Saturday, March 25, 2006

At the Barangay General Assembly

I took some time out to attend the barangay general assembly that was hastily called this week. The burning issue, as everyone knows, is Charter Change, most specifically, the shift from the presidential to parliamentary form.

Hastily called? Why, yes. I chatted up our barangay secretary as to the reason and mechanics of the general assembly, and she let slip that they only found out about it this week. If that isn't hasty, I don't know what is.

Our assembly was scheduled for 4PM, and thankfully, we didn't start too late. Who were the people who had come? Folks from the lower-income classes, predominanty housewives, some old men, some tanods, and lots of children. Did I mention that there were door prizes for attendance? How many people from the upper-middle class? One. Moi.

You can probably appreciate the shrewdness of the convenors of this general assembly. A barangay general assembly is not a gathering that blogoratti would go to. People who go to these assemblies tend to go along with whatever the barangay captains and kagawads suggest.

But this doesn't make such assemblies any less potent: in fact, they are moreso, because these is where plain folk go to air their humdrum grievances and resolve their disputes. If we the blogoratti opt out of events like this, then it's our loss.

The assembly started out with committee reports: from the health committee, from the peace and order committee, from the finance committee, and even the tourism committee.

And then on to pressing matters. The captain, who was a family friend, asked me to say a few words about Charter Change (the sly fox) even though I wasn't really prepared. I said something along the lines of being careful, of thinking through these things. Charter Change, I said, is being pressed on us. Why? What are they asking for in return? What about term limits, for example.

Then he whipped out a pop sheet and read on the differences of the presidential system and the parliamentary system. My golly, in my entire life, I have never heard of such a one-sided comparison! The parliamentary system was being made out to be heaven compared to the hell of a presidential system. This was by no means a balanced analysis. But really, what did we expect?

I think they expected me to hold my peace, but after the captain's reading, I had to go up front again. The gist of what I said: as you can see, it's all painted out so nicely. But you need to ask yourselves really what the issues are. Will the parliamentary system really solve all our problems?

The pop sheet made a virtue out of the selection process of the parliamentary system, that the choice of leader would no longer rest in the hands of the people but in their elected representatives. I asked the assembly: is this really what you want? don't you want to make your own choice? Don't you think you're being rushed? Please, think through before you sign anything.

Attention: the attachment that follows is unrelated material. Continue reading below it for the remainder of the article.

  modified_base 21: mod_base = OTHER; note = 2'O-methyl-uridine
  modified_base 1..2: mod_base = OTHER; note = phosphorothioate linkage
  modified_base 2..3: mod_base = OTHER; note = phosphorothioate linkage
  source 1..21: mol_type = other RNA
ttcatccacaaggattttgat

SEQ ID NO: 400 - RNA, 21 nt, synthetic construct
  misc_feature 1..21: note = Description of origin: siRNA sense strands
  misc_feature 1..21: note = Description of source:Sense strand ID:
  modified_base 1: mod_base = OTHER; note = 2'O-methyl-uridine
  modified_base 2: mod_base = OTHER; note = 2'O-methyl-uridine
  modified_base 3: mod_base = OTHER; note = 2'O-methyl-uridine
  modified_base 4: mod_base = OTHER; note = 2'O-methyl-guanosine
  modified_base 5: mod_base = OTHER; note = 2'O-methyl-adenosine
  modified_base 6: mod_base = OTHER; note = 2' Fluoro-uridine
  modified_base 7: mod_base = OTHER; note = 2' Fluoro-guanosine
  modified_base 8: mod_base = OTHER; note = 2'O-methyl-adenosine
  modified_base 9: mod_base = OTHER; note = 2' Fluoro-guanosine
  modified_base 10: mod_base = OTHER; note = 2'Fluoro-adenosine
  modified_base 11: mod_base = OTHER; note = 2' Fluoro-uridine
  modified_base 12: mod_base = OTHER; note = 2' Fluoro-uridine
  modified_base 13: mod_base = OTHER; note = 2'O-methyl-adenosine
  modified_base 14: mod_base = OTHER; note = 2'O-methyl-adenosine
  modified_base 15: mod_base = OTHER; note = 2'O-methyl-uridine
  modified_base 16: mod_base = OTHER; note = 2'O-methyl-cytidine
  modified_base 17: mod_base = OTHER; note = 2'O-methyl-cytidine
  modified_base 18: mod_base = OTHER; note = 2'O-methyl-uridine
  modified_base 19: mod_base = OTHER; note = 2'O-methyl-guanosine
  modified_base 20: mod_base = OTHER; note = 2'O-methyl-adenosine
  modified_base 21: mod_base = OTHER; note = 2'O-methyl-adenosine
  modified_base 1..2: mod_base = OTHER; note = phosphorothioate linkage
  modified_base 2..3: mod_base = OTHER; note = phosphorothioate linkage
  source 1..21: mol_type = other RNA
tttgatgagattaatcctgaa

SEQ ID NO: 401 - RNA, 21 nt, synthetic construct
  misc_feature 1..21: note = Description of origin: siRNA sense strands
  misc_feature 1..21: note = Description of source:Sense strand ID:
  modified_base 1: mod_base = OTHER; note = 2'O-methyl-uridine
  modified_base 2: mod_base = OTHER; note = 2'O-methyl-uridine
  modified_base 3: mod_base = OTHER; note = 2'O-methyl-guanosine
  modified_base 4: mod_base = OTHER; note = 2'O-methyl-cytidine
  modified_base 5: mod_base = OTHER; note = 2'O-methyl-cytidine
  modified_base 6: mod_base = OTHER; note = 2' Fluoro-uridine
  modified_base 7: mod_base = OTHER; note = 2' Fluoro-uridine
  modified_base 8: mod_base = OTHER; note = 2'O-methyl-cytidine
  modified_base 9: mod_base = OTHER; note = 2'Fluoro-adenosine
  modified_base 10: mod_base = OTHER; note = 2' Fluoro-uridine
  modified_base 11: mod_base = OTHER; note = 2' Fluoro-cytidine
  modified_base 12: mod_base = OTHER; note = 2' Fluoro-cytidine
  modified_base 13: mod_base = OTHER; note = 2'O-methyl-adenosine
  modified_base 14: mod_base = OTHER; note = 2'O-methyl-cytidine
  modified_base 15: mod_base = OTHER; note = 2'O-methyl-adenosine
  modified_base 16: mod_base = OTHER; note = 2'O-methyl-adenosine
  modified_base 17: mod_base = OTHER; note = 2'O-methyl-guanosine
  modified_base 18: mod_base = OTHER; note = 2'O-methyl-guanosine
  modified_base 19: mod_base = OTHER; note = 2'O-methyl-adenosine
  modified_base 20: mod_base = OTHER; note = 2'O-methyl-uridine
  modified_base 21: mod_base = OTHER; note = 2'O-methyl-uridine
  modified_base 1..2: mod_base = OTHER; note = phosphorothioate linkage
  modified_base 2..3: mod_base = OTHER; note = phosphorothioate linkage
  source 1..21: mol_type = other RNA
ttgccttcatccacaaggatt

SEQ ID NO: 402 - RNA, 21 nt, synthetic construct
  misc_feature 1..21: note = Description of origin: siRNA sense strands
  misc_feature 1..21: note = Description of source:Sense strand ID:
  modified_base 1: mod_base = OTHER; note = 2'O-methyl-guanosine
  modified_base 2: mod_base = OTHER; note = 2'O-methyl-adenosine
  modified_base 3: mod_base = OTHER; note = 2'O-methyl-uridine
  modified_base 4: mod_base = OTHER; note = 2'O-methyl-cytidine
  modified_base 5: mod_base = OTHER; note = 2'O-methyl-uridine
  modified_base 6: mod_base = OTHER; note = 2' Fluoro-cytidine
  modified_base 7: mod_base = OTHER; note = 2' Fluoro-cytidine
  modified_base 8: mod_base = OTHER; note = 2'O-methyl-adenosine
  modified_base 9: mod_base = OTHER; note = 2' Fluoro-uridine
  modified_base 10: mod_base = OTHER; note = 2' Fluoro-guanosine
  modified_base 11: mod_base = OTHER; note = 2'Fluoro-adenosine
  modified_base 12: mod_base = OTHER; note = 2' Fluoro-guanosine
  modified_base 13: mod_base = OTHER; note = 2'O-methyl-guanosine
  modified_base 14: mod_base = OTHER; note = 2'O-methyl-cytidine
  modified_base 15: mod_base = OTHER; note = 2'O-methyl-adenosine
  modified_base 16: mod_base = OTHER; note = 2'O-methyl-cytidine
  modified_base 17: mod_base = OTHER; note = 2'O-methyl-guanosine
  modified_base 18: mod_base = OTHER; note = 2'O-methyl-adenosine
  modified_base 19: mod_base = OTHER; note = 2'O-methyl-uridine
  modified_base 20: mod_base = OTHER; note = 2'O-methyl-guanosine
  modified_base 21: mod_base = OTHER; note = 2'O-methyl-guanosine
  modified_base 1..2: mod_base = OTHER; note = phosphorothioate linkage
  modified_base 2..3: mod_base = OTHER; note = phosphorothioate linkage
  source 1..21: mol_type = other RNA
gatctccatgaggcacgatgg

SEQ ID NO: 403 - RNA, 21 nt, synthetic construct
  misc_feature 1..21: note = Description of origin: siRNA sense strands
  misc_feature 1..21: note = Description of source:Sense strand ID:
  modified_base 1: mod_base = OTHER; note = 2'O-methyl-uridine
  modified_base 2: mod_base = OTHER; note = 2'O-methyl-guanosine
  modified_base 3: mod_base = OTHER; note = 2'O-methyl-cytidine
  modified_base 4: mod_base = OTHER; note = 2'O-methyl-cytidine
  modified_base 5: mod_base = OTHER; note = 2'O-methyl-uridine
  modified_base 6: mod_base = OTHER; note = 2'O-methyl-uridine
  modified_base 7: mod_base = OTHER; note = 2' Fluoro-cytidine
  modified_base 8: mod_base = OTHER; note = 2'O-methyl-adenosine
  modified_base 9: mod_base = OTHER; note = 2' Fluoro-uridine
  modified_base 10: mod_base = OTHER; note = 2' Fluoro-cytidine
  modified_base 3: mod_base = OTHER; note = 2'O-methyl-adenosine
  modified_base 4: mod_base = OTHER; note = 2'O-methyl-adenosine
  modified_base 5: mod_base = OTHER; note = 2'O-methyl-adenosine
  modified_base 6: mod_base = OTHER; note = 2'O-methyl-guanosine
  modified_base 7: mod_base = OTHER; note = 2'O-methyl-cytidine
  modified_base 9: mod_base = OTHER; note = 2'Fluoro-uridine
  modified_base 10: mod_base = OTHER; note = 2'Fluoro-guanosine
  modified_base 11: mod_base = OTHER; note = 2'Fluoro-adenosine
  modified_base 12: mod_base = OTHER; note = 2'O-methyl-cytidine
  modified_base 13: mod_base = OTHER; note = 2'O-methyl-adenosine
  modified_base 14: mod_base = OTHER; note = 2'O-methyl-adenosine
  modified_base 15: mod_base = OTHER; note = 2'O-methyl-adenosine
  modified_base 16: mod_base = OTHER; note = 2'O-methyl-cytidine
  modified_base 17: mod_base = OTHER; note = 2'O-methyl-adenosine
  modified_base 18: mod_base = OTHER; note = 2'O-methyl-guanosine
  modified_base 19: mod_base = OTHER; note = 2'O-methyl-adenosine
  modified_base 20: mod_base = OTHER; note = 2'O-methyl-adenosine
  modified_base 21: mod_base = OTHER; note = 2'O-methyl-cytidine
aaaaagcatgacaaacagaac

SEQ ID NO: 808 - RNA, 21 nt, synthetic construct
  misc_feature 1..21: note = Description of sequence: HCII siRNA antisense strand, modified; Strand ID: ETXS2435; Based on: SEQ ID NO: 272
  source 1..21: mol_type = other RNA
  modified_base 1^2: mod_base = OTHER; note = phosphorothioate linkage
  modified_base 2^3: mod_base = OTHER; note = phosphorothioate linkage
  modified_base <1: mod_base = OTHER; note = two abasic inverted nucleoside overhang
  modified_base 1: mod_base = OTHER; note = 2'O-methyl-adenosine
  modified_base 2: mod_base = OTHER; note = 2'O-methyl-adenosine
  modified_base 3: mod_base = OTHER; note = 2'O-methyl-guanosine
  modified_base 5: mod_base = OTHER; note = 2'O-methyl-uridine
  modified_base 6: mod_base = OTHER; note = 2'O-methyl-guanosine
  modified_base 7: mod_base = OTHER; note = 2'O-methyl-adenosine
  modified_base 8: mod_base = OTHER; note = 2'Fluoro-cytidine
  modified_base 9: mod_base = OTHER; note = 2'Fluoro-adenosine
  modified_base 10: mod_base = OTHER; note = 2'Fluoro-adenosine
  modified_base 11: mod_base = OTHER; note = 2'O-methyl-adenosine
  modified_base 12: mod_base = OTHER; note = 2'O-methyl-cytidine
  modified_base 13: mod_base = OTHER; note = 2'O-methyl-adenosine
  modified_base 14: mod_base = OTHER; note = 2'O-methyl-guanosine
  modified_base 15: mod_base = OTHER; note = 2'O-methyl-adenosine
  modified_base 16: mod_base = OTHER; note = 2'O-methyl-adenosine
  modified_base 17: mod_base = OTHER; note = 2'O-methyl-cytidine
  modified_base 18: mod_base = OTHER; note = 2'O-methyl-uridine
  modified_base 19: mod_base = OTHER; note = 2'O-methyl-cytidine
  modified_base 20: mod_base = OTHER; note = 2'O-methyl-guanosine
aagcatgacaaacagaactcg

It was hard to go into a drawn-out discussion. By nature, people in these gatherings are meek and non-confrontational. Besides, the captain was not-so-subtly hinting that my time was up.

Sigh. I hope I'm not just tilting at windmills here. I hope the folks appreciated what I had to say.

And after the event: door prizes. Gah. That's what people really came for, I think. Just another fiesta.

10 comments:

  1. Thanks for the first hand account and kudos for saying your piece in front of the assembly.

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  2. Nice. It made me feel I was there too. Thanks so much.

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  3. I've often thought that positive changes in Philippine society can be more effectively brought about by "small" acts like this, rather than passing a bill through congress, or going to the mountains and becoming a rebel.

    Hope you attend more barangay assemblies.

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  4. Sigh. I hope I'm not just tilting at windmills here. I hope the folks appreciated what I had to say.

    It is better that someone tried to make a difference, rather than none at all.

    Let's not fall into apathy. Our future and more importantly, our children and their children's future is at stake here.

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  5. I appreciated this post, and what you did in that assembly. It took some courage.

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  6. I've attended many barangay assemblies and not all of them were like those that you described. Don't give up democracy is not solidified overnight--especially the grassroots kind of democracy.

    I hope you continue being interested in what is really happening in OUR communities.

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